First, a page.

Plaintiffs maintain that the February order is not controlling. First, plaintiffs argue that the order applies only to discovery of documents, not deposition testimony, and only to discovery from defendants, not third parties. (Pls.' Reply at 8-9.) The February order, however, applies to all discovery. The heading for the section of the order addressing this issue states, "Discovery on the SACS Fraud Claim Should not Extend Beyond November 2008." (Order, Feb. 22, 2013, at 17.) The court also explained, without limitation, that "the temporal scope of discovery must be curtailed." ( Id. at 18.) Moreover, plaintiffs' counsel was notified of HLC's interpretation of the discovery order when HLC objected to the initial subpoena. At that point, plaintiffs' counsel could have asked the court in Georgia to clarify the scope of discovery but instead agreed to include the cut-off date as a limitation in the subpoena. Plaintiffs' agreement to those limitations underscores counsel's understanding that the February order limited discovery from non-parties as well as defendants, and applied to deposition testimony as well as document production. This court cannot create an exception to the Georgia court's discovery order.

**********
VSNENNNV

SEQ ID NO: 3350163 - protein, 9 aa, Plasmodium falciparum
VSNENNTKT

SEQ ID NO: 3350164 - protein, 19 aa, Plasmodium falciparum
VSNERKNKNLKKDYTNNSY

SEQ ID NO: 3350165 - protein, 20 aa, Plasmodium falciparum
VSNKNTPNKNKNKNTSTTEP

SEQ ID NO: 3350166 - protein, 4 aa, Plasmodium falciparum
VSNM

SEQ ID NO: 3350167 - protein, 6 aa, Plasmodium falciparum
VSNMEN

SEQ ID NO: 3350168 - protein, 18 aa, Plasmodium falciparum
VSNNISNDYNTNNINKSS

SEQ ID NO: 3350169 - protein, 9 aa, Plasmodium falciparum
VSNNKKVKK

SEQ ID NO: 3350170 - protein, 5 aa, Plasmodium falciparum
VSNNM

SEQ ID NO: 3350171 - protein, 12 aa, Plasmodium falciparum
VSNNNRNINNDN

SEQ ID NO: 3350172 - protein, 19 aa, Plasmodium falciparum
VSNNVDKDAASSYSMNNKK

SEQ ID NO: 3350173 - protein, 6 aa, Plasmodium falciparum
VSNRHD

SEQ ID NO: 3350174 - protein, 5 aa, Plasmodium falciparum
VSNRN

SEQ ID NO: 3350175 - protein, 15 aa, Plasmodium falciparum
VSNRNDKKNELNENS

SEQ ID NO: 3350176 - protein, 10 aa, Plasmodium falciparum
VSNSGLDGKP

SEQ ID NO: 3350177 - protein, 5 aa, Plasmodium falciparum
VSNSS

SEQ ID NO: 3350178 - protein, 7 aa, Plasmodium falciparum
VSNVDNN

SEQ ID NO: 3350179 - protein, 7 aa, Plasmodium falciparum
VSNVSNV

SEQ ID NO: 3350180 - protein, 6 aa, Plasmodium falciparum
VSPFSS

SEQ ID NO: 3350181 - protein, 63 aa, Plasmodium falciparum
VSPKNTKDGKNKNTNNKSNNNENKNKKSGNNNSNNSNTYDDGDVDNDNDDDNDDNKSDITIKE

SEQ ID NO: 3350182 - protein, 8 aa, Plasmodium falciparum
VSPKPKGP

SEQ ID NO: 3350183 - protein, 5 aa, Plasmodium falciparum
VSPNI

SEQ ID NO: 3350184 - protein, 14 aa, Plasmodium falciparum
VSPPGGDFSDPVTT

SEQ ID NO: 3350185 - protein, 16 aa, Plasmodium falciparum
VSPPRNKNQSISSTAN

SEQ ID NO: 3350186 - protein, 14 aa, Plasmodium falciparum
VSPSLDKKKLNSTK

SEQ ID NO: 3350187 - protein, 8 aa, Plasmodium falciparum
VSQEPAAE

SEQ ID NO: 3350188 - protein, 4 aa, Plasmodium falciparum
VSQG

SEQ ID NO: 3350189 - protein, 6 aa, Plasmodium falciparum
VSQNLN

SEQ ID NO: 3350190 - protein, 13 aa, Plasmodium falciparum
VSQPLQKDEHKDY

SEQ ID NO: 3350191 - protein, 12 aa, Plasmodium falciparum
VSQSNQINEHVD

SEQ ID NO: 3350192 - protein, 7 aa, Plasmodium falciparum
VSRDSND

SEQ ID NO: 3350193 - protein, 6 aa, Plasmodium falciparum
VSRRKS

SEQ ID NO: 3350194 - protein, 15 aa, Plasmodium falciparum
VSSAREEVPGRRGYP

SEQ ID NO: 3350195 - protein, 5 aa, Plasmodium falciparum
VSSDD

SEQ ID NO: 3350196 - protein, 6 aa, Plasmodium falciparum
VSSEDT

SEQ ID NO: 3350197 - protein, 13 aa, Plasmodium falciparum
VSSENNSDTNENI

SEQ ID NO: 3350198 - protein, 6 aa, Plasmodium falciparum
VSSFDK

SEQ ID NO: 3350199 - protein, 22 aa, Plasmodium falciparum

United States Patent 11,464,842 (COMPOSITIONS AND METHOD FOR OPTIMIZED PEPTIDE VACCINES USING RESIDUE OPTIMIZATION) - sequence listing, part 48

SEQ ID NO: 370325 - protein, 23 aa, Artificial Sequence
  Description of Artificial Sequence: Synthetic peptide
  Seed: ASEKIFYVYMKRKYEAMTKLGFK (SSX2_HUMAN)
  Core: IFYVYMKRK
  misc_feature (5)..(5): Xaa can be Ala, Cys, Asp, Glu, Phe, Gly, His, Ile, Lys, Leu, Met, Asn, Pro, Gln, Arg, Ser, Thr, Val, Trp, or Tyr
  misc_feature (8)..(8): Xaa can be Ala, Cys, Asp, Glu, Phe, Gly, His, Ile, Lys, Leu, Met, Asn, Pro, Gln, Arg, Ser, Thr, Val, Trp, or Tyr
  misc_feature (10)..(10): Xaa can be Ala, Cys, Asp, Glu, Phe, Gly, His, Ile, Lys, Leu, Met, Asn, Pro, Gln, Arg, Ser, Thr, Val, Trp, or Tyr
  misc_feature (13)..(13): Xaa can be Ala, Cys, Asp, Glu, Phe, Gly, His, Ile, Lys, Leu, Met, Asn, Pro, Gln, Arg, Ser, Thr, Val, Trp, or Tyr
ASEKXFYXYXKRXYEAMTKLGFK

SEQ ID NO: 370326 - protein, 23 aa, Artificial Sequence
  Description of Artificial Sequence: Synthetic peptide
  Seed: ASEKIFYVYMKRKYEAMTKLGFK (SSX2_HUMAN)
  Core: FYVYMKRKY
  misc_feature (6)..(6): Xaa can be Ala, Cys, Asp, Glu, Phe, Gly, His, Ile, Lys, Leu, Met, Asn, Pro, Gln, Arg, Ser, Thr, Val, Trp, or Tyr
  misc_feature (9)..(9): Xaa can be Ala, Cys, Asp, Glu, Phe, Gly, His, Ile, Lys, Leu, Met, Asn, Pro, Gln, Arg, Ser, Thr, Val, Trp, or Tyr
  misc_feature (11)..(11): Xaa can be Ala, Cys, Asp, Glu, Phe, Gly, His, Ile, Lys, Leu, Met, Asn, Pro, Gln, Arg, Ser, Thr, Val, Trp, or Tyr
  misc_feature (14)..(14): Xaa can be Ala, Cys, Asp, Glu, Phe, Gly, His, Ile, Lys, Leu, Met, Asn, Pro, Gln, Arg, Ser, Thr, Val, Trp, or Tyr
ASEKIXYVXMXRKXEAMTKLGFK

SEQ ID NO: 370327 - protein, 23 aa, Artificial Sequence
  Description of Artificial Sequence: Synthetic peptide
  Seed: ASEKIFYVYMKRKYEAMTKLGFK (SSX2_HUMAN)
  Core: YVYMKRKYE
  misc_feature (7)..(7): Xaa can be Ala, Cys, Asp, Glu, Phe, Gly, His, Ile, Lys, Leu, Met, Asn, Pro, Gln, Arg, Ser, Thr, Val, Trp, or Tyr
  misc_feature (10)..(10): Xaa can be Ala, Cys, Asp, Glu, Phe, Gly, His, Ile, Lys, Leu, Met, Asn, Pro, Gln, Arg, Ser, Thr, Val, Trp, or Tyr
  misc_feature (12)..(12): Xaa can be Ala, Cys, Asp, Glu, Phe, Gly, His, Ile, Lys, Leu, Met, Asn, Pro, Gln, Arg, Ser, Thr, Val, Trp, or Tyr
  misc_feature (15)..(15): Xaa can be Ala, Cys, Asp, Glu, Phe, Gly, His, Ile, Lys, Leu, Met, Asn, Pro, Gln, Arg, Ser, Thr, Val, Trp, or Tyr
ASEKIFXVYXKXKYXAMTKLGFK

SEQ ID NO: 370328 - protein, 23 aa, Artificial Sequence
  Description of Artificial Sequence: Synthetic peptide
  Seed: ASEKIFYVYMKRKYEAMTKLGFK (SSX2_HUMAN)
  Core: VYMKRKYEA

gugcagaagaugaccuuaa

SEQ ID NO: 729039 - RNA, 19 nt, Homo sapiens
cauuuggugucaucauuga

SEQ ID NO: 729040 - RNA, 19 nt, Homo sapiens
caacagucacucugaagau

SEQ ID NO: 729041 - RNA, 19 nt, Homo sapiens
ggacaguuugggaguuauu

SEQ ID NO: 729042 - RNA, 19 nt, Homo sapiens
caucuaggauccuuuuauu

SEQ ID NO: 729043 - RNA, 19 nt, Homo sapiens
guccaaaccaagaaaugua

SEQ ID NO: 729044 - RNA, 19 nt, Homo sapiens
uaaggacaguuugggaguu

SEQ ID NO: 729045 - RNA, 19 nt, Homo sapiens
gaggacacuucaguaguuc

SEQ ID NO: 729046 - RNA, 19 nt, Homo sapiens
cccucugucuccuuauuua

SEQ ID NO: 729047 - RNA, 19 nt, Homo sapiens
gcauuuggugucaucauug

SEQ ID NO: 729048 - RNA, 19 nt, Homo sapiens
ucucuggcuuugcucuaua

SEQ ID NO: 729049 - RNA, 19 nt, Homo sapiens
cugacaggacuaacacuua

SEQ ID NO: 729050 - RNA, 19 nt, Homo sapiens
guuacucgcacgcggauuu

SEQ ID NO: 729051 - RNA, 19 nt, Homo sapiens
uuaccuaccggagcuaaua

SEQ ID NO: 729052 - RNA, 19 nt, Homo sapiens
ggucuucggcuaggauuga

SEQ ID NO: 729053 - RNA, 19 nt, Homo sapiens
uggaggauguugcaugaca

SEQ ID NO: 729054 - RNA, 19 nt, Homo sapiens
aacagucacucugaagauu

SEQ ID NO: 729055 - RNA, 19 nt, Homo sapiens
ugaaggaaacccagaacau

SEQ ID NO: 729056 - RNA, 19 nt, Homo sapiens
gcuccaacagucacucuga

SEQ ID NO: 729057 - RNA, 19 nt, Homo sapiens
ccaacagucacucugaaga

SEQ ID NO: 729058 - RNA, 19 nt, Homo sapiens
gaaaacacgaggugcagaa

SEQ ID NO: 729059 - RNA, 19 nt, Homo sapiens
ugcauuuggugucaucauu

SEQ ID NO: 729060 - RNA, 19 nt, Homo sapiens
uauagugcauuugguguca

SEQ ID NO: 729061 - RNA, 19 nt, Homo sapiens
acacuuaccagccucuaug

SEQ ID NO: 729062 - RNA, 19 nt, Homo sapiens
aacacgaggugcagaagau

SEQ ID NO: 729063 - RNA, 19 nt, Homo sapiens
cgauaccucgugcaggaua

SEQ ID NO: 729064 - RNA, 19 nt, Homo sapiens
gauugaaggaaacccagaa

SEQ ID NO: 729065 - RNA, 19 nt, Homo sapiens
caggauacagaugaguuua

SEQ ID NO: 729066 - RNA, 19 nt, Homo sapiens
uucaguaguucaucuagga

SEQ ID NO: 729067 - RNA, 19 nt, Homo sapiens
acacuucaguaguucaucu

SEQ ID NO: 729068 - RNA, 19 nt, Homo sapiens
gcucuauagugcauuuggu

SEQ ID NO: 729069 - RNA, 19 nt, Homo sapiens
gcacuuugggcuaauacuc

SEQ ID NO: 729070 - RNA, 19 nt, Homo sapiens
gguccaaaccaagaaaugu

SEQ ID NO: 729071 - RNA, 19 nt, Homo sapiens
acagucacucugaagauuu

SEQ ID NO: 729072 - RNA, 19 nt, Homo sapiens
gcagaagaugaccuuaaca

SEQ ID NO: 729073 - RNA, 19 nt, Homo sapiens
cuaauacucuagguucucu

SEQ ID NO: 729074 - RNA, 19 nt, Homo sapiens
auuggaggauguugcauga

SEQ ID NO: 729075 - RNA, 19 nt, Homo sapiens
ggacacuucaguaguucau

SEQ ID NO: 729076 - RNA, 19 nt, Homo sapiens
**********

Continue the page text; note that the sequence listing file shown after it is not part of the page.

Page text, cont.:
Plaintiffs also decry what they characterize as HLC's "bad faith" behavior, arguing that HLC knew the November 6, 2008 date was "erroneous" and negotiated its inclusion in the subpoena as a trap for plaintiffs' counsel. (Pls.' Reply at 9-10.) The record does not support plaintiffs' protestations. First, plaintiffs say that it "became apparent during HLC's truncated deposition... that HLC did not begin accrediting AIU in November 2008, but rather in May 2009." (Pls.' Reply at 9.) The deposition was not, however, the first time plaintiffs became aware of the May 2009 date. As early as March 2011, more than two years before the deposition, plaintiffs acknowledged in the proceedings in Georgia that "HLC granted AIU accreditation in May 2009." (Pls.' Opp'n Defs.' Mot. Quash Subpoena at 8.) [Georgia lawsuit dkt 99.] Because the plaintiffs knew about the 2009 accreditation date and agreed to the 2008 limitation when they negotiated the scope of the subpoena, their effort to portray HLC as setting a trap is unpersuasive.